Largest fanfic platform inaccessible in China after fans report 'erotic' work

By Cao Siqi and Xu Keyue Published: 2020/3/3 1:17:11

Wang Yibo (Left) and Xiao Zhan attend a concert for The Untamed in Nanjing, East China's Jiangsu Province on November 2, 2019. Photo: VCG

A global fanfic platform is currently inaccessible in China after a popular actor's fans rushed to report "erotic" works modeled on the actor, claiming to be combatting pornography and protecting their idol from humiliation. It provoked a big backlash among the public, with some criticizing the fans for damaging artistic freedom. 

Chinese actor Xiao Zhan, who gained fame from the drama The Untamed, an adaptation of a novel in the "boys' love" genre, found himself in hot water after some of his fans reported a fictional work modeled on him, to the country's anti-pornography and anti-illegal publication office. Fans alleged the pornographic content would stain Xiao's reputation. 

The controversial work, published on Archive of Our Own (AO3), a US-based fanfic platform, set Xiao as a woman having a sexual relationship with Wang Yibo, a boy in the novel. Wang played Xiao's companion in the drama The Untamed. 

AO3, where Chinese and overseas users share fan works and cultures, was inaccessible in the Chinese mainland on Saturday after reports by Xiao's fans. Another fan work platform Lofter was reportedly checking and removing articles published by users.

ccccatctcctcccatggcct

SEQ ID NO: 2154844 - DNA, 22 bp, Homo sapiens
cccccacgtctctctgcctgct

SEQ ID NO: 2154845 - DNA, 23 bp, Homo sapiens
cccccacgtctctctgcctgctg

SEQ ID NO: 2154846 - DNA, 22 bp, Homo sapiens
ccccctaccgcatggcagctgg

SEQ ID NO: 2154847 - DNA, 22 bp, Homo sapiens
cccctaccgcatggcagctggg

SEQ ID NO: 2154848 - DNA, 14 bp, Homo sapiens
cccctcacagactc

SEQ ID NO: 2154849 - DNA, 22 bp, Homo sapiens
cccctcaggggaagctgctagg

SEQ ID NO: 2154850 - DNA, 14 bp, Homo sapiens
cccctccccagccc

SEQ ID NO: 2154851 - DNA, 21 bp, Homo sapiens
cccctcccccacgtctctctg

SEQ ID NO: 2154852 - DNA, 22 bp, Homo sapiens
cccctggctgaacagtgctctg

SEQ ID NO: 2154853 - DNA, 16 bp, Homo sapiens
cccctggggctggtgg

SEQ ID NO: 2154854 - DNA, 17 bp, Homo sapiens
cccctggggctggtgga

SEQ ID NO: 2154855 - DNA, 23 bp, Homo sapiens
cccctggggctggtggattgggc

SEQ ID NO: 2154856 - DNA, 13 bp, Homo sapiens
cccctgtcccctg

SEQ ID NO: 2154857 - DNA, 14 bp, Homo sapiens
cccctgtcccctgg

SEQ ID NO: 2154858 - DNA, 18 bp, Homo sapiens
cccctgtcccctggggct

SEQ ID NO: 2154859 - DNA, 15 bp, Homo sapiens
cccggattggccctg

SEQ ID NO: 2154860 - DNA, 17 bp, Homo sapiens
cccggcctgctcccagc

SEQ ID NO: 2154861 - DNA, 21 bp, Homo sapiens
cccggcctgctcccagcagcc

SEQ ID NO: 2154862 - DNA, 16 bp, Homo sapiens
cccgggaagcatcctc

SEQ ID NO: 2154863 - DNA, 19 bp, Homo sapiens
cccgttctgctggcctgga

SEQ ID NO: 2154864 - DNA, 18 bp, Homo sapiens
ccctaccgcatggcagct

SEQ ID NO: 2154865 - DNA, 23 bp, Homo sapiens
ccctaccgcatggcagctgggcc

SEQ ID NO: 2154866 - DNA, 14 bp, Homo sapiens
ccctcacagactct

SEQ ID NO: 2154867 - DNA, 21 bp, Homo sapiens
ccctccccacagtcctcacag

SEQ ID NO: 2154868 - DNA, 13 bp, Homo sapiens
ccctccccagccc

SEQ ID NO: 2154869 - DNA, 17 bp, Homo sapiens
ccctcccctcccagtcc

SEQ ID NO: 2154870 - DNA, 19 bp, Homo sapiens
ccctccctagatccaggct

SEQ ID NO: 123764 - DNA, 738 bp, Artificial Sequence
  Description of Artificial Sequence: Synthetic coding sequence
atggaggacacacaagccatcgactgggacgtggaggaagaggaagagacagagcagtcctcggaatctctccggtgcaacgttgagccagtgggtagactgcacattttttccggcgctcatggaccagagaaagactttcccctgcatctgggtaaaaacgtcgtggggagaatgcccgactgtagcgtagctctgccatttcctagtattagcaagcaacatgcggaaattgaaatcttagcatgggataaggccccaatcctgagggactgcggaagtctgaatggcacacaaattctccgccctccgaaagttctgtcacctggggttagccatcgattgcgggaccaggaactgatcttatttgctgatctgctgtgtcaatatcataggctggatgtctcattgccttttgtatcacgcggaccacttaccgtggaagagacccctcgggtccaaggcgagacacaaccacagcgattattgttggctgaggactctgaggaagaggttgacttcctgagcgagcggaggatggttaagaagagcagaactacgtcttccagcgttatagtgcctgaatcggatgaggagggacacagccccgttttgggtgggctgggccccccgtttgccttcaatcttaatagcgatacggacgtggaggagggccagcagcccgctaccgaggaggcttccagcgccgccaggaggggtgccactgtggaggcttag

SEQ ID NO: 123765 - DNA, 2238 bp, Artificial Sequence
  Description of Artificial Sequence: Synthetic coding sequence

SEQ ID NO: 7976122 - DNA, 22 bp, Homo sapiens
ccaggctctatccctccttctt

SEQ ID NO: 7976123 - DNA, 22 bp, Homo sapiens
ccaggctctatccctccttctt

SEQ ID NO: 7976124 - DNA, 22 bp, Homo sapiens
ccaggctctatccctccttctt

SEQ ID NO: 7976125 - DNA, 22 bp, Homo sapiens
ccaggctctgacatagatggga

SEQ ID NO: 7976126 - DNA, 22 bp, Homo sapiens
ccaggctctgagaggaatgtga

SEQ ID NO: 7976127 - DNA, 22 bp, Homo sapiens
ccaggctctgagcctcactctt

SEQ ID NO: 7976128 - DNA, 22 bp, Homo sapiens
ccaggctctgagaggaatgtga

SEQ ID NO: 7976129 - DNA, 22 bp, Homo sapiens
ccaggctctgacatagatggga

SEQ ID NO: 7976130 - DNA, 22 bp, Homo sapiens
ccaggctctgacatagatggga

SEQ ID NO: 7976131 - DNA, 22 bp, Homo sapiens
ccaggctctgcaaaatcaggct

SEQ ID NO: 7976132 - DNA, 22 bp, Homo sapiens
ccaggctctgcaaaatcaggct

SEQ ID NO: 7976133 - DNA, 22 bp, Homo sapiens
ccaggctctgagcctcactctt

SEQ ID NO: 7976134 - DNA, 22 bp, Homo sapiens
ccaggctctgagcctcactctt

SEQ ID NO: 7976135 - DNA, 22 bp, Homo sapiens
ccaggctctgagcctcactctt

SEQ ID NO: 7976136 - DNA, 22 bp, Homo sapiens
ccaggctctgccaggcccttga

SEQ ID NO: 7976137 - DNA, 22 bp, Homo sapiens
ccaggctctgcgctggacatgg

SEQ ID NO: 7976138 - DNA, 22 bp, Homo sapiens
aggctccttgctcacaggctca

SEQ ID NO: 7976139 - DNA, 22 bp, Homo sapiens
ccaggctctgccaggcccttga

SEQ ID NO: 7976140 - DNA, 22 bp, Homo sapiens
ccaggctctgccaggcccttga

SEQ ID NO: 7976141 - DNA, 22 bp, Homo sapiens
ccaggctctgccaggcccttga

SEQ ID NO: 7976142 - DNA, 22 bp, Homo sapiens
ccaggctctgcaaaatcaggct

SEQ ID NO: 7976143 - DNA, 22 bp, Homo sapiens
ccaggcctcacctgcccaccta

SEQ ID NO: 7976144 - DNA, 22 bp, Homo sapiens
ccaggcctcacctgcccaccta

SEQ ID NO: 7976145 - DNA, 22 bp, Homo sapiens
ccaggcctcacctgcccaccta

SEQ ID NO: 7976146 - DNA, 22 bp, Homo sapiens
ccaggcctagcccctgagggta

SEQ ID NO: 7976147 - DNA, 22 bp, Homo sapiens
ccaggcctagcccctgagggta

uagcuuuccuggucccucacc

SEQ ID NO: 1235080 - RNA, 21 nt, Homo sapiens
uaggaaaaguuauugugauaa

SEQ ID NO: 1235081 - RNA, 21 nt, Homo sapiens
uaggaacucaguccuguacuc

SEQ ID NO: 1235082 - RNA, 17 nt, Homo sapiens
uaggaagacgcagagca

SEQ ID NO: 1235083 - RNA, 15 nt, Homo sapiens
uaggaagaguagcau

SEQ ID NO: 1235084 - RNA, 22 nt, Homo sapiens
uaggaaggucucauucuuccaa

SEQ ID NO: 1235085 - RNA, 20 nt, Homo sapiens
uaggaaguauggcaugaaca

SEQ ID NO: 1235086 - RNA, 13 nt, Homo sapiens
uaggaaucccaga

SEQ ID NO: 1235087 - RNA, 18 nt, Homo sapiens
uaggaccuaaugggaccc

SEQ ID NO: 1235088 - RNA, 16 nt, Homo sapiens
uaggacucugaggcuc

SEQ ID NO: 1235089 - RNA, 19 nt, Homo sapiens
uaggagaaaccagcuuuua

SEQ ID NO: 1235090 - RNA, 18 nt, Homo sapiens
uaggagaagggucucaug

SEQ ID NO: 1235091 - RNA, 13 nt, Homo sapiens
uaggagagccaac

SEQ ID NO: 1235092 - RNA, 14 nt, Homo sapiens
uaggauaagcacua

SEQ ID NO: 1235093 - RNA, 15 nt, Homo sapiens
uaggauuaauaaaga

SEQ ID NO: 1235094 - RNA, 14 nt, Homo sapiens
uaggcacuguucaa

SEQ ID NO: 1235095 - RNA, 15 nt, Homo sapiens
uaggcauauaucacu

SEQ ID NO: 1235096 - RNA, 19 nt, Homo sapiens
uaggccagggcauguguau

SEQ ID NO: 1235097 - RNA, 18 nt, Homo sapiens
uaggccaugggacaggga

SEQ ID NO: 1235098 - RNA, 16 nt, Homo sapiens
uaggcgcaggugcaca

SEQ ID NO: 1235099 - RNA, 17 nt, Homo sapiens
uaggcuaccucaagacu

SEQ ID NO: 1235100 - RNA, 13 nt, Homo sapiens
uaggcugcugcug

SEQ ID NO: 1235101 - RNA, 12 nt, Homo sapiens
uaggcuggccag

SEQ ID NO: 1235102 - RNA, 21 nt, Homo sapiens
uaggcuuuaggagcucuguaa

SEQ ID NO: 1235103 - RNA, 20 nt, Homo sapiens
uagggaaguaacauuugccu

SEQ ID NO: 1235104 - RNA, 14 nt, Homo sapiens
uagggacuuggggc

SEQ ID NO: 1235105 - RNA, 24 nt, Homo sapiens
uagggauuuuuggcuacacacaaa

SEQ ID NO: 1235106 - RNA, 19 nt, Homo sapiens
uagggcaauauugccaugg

AO3 announced on Sina Weibo that AO3 requires authors to label their works if there is any potentially provocative content so that users can avoid it if they want. Readers can report it to the management team if they find inappropriate labeling of a work.

Real person fiction itself is not a violation of the community unless the work incites harm and threats to real people, the post said.

One of the authors on the platform, who requested anonymity, told the Global Times on Monday that they lost all their works on the platform and lost a precious platform to communicate with those who share the same interests across the world. 

A loyal user of the platform, who gave her name as "Tiantian," said that Xiao's fans' move had stifled artistic freedom and was part of a growing intolerance of diversity. 

Xiao's studio apologized on Sunday on Weibo and called on fans to be more rational in support of their idol.

But the apology failed to ease the anger of AO3 users. Some launched a campaign to boycott products endorsed by Xiao, as well as his films and television works.

The event reflects the chaotic fan culture, which is in urgent need of management and reform, Zhu Wei, a professor at the China University of Political Science and Law, told the Global Times on Monday.

Such battles between fan groups often involve insults, suppression of dissent, cyberspace violence and cyber manhunts, which is bad for normal cultural communication, the culture industry's development and social stability, Zhu noted.

The battle also wastes public management resources as the related authorities could be busy dealing with their reports, Zhu said.

Posted in: SOCIETY,TV

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